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Thursday, 24 September 2020

Hellman Auction Now Online

The  October 2020 Kaj Hellman auction is now online at http://www.stamps.fi/huutokauppa.php

You can also access with filateliapalvelu.com

Once again I have contributed nearly all the material in the sections for Armenia, Azerbaijan, Georgia, Transcaucasia, Ukraine and lots of the Latvia and Russia. But in the Russia Fiscals section, this time I only have a minority of the material, mostly the Court Fees stamps 

Take a look at this well-presented auction with good illustrations and easy bidding


Friday, 31 July 2020

Russian Mail to Mont Athos before 1870


From early in the 19th century, the Imperial Russian government was actively involved - financially and diplomatically - in expanding the Russian presence on Mont Athos. By 1912, the majority of monks on Athos were Russian though in 1913 the Imperial government sent gunboats to Athos to arrest and deport about 800 of the 2000 Russian monks. They were accused of heresy, tried in Odessa, and internally exiled. For every two or three monks there was probably one servant and many or most of those were Russian too.

The major developments in Russification took place after 1850 and at some point  a ROPiT postal agency was established on Athos. But any ingoing or outgoing mail before 1870 is very rarely seen and I cannot find on the internet any example of ROPiT postmarks for Mont Athos before the 1890s, though inward mail in the form of Money Letters is common from about 1875 onwards. It always has Odessa transits but only in the 1890s do Athos marks  appear and then only on occasional items which were sent outside bags sealed in Odessa.

In previous Blogs I have illustrated the use of Free Frank privilege to send mail from mainland Russia to Athos, always via Odessa. I can now illustrate an early item on which I would welcome comment. 

Sent in 1869 from Novgorod under a Free Frank seal and Registry number it has no post office markings apart from the Novgorod despatch. On later mail, an Odessa transit is universally applied. In addition, the routing on this official item appears to identify a named individual at Odessa who is then meant to ensure the onward transmission to Athos. If this is the correct reading, then this item may indicate that even as late as 1869, the arrangements for sending mail to Athos were in a rather provisional state. Since this entire letter came from an Athos archive (ex Christou collection), it clearly arrived and the sender seems to have been clear about what they were doing.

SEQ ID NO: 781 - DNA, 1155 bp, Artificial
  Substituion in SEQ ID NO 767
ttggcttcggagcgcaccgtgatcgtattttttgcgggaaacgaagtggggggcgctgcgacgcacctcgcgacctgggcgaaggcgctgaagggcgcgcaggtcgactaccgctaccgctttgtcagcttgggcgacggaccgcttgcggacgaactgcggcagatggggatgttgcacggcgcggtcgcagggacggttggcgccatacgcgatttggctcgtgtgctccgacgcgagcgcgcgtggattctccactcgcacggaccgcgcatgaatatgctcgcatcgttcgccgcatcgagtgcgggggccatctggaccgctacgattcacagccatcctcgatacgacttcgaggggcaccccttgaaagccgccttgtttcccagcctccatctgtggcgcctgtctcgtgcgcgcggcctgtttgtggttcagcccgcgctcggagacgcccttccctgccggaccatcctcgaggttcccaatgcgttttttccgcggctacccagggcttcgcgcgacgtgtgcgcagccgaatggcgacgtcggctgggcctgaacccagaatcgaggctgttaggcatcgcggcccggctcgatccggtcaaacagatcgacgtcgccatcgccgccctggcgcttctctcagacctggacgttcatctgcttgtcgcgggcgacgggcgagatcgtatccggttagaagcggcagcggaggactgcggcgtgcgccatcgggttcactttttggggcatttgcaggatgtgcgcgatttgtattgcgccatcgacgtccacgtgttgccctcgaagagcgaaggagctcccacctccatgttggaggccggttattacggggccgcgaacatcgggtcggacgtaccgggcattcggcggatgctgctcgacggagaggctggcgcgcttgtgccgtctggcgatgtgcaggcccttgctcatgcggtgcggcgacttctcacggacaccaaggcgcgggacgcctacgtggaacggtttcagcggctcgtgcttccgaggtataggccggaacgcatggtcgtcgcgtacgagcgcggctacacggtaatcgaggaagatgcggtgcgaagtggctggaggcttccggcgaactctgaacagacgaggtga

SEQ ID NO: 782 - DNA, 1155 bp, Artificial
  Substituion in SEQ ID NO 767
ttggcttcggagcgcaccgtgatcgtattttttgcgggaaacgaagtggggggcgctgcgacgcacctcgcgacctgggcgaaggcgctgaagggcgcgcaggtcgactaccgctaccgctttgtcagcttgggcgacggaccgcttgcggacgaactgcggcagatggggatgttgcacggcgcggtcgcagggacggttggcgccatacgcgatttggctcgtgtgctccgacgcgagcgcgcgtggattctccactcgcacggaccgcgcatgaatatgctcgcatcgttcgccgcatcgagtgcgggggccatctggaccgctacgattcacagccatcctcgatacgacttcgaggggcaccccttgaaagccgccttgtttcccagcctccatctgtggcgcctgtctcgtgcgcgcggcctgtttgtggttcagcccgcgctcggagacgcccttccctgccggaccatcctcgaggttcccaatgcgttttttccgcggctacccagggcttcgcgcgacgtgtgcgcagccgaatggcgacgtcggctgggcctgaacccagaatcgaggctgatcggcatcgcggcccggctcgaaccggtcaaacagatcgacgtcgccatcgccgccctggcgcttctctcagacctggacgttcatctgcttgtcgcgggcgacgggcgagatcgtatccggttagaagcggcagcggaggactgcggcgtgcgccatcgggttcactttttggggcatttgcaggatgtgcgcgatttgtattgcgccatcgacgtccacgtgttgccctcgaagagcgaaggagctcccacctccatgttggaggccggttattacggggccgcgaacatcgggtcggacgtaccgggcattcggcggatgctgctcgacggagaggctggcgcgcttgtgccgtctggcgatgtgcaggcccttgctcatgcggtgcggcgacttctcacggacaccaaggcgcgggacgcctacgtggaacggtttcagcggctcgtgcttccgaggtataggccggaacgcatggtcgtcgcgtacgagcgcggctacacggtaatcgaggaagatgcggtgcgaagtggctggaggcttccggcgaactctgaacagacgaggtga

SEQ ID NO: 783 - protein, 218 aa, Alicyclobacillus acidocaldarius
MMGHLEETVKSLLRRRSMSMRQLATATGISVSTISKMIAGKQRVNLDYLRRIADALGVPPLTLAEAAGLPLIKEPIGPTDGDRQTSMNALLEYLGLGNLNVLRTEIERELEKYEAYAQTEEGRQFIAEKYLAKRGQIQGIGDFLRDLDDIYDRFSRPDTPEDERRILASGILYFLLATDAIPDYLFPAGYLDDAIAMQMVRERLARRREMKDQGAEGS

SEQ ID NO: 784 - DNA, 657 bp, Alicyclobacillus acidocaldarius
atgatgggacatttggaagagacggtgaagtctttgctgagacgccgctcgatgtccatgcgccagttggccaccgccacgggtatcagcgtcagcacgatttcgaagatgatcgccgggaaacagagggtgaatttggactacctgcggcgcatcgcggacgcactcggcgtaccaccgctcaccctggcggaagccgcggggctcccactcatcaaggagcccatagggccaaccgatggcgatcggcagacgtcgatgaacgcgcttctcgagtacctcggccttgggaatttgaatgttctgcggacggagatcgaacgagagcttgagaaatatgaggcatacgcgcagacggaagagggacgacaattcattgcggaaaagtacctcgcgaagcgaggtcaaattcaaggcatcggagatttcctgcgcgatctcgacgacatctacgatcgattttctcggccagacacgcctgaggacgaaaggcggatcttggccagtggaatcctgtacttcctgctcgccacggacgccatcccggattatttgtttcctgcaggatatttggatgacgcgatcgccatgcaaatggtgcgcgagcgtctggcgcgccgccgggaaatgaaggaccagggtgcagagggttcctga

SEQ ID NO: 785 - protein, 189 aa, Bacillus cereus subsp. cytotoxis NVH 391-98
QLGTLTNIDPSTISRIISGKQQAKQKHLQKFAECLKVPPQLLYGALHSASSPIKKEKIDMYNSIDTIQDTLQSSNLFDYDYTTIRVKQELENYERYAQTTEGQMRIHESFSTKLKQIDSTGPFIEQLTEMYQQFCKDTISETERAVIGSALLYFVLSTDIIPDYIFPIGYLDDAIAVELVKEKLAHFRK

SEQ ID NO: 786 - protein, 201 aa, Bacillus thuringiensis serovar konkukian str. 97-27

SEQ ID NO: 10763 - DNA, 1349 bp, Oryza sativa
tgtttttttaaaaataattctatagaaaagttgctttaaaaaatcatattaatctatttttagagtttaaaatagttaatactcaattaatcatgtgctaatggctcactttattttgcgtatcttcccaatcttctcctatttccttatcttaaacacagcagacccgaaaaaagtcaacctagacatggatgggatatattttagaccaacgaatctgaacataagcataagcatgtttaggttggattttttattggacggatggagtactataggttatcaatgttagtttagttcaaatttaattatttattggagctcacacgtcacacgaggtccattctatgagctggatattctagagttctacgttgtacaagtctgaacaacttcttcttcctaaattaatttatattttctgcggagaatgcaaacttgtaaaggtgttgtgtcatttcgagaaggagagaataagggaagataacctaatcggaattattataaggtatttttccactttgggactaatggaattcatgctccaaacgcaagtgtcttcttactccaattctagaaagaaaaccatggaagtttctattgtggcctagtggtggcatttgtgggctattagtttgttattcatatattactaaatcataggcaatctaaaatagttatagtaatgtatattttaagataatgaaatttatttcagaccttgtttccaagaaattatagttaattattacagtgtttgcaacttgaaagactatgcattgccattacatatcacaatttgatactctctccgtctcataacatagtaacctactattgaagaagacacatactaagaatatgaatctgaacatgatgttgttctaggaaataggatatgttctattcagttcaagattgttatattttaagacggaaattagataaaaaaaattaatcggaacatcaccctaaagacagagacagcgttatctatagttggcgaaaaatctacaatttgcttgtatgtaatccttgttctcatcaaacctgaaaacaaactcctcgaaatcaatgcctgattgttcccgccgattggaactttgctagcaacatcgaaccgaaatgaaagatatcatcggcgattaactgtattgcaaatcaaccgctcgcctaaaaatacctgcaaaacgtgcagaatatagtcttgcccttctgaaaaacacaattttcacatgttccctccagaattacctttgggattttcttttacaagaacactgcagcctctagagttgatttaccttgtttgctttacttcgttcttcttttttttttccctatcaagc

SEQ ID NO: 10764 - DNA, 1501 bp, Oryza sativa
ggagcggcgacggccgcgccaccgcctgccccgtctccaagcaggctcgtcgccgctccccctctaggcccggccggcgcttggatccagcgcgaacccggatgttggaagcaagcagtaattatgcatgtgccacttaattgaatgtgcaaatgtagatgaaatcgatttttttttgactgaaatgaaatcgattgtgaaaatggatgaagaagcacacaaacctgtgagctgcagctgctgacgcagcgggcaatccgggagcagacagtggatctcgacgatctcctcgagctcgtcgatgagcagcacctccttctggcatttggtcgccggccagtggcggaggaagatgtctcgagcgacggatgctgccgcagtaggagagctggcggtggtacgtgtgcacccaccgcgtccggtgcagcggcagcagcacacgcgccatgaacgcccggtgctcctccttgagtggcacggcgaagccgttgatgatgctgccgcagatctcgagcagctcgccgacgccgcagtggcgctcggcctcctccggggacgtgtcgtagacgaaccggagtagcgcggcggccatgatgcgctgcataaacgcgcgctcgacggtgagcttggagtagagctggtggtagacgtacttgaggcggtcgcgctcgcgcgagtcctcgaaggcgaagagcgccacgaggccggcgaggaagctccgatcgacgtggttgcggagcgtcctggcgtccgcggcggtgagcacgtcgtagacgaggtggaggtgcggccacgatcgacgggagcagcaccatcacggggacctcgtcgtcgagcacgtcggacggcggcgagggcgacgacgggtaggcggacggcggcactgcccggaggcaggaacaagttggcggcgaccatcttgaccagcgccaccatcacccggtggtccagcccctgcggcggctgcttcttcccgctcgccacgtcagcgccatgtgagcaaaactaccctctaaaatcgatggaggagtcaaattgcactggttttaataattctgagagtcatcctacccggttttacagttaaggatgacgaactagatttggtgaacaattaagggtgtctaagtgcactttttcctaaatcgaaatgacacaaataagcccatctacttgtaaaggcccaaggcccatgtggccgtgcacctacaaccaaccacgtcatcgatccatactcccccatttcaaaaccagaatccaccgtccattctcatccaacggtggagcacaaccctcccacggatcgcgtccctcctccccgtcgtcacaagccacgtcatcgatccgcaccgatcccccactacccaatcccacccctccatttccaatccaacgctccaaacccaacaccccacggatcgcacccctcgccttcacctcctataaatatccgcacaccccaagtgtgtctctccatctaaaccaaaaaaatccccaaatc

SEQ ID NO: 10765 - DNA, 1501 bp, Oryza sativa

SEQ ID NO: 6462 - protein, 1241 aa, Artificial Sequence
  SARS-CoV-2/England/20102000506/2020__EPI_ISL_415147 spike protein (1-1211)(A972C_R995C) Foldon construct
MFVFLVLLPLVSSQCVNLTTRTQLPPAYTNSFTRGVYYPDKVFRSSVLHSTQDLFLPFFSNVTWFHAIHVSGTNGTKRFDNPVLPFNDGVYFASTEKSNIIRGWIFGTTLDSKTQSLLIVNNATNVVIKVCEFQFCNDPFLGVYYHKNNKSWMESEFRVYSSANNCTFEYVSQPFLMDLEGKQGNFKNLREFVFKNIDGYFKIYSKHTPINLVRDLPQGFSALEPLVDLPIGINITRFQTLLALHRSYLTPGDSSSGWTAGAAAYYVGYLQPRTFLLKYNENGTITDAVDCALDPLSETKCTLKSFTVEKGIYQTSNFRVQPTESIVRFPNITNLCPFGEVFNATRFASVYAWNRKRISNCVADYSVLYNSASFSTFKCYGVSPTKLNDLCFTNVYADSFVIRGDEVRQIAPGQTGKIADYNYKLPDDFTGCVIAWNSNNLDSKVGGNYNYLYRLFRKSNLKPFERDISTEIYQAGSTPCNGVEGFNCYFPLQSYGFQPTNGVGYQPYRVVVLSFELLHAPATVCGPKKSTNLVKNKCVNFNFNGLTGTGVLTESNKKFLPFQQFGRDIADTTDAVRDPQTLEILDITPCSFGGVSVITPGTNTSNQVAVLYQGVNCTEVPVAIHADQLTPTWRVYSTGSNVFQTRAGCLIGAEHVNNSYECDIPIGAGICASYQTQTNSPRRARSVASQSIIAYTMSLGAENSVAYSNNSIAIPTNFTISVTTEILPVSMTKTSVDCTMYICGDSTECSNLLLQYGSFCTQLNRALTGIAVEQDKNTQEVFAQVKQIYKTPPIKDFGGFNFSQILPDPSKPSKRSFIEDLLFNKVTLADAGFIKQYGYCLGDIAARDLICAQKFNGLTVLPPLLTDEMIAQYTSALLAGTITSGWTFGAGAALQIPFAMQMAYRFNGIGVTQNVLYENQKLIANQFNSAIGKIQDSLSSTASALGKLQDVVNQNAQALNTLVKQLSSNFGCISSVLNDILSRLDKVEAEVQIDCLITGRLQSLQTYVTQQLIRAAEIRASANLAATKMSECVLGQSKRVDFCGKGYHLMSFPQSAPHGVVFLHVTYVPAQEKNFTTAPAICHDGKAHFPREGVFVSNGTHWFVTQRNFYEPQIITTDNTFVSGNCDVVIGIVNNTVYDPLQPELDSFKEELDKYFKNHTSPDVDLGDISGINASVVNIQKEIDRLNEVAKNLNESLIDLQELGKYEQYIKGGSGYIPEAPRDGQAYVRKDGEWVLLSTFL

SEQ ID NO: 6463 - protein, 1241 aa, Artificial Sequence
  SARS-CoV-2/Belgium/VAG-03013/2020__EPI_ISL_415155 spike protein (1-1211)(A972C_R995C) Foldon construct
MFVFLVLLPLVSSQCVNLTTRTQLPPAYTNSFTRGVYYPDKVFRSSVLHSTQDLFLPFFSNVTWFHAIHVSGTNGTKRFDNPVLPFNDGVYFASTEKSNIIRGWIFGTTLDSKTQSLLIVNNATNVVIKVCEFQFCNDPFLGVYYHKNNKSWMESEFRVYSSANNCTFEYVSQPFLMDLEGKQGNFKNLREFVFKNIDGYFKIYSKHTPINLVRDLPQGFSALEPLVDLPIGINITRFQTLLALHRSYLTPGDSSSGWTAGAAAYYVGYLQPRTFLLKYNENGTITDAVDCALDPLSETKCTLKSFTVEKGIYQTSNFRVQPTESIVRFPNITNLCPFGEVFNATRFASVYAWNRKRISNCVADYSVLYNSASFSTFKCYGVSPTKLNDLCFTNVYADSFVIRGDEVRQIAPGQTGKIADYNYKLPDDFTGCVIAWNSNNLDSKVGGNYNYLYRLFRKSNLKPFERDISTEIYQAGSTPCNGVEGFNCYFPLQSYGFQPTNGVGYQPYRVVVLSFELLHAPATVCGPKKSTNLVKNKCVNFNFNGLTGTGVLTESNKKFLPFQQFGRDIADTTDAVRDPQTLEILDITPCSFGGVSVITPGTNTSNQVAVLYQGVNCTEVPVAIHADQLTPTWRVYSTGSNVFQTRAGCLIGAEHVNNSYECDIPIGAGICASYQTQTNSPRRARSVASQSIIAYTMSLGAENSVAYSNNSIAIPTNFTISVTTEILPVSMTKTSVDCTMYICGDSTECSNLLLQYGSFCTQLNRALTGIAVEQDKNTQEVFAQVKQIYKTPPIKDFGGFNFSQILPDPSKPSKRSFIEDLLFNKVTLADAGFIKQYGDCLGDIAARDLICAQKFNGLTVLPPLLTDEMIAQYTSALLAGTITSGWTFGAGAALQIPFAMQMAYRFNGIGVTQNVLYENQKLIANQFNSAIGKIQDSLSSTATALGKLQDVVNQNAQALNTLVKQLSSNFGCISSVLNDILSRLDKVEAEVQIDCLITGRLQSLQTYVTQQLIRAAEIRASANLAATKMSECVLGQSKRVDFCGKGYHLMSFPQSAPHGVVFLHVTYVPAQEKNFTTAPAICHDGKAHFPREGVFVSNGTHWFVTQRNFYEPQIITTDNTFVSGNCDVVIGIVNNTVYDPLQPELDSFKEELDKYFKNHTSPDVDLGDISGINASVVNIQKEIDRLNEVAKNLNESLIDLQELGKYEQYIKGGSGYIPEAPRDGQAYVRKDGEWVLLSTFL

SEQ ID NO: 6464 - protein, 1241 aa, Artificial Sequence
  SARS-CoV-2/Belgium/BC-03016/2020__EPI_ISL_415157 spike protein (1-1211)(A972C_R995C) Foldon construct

Comments and scans please!

Here's the first Comment from Howard Weinert:

This document was issued by the bookkeeping office of the Novgorod administrative board, part of the Ministry of Internal Affairs, on 29 Oct. 1869. Sent to the New Russian hermitage of St. Andrew the First Called in Mount Athos, in care of an Odessa merchant. The message says that the five rubles sent by the hermitage on 10 Jan. 1869 to pay for the official publication "Provincial News" was received in Novgorod on 25 April and noted in the account book.
I have seen many covers from the 1870s addressed to merchant Grigory Mikhailovich Butovich in Odessa for transmission to Athos. (This is not the person named on the Novgorod letter).



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Thursday, 30 July 2020

The ROPiT Post office on Mont Athos 1915 - 1917



A post office can continue to provide foreign mail services provided only a few conditions are met:

1.      It has premises and staff and at least some office equipment.
2.      It has an income to pay the bills.
3.      It has partners willing to deliver incoming mail for distribution and take away mail for onward transmission.
4.      No one forcibly closes it.

In their 1958 book on the Russian Levant post offices, Tchilingirian and Stephen speculated that the ROPiT post office on Mont Athos closed on 31 December 1914, as a consequence of the outbreak of World War One. It didn’t. It operated at least until the end of 1917. Mont Athos passed from Ottoman to Greek control at the end of 1912 when Greek forces occupied the territory. Greece’s legal sovereignty was not finalised until after World War One, mainly because of Imperial Russian objections aimed at increasing Russian control over Athos. Those ceased with the Bolshevik Revolution. The ROPiT office was exclusively concerned with incoming and outgoing mail; like the Ottoman post office (and presumably the successor Greek post office) , it never operated an internal mail service on Mont Athos which was provided by monastic couriers.

Athos was occupied by both French and Russian troops during World War One and there were British forces in nearby Salonica [Thessaloniki]. Even if the traditional route into Athos from Odessa was closed, mail could arrive and be taken away by friendly ships. It does seem likely that mail would most often have been routed via Salonica, a major military hub, but that only meant that some local boat had to ply the Athos-Salonica route. The ROPiT office handled mail overwhelmingly arriving from Russia and going there. Though it could not now route through Odessa, the alternatives via Genoa or Marseille or London or Kronstadt were reasonably practical. There might be an issue about who paid for what but clearly some arrangements were arrived at.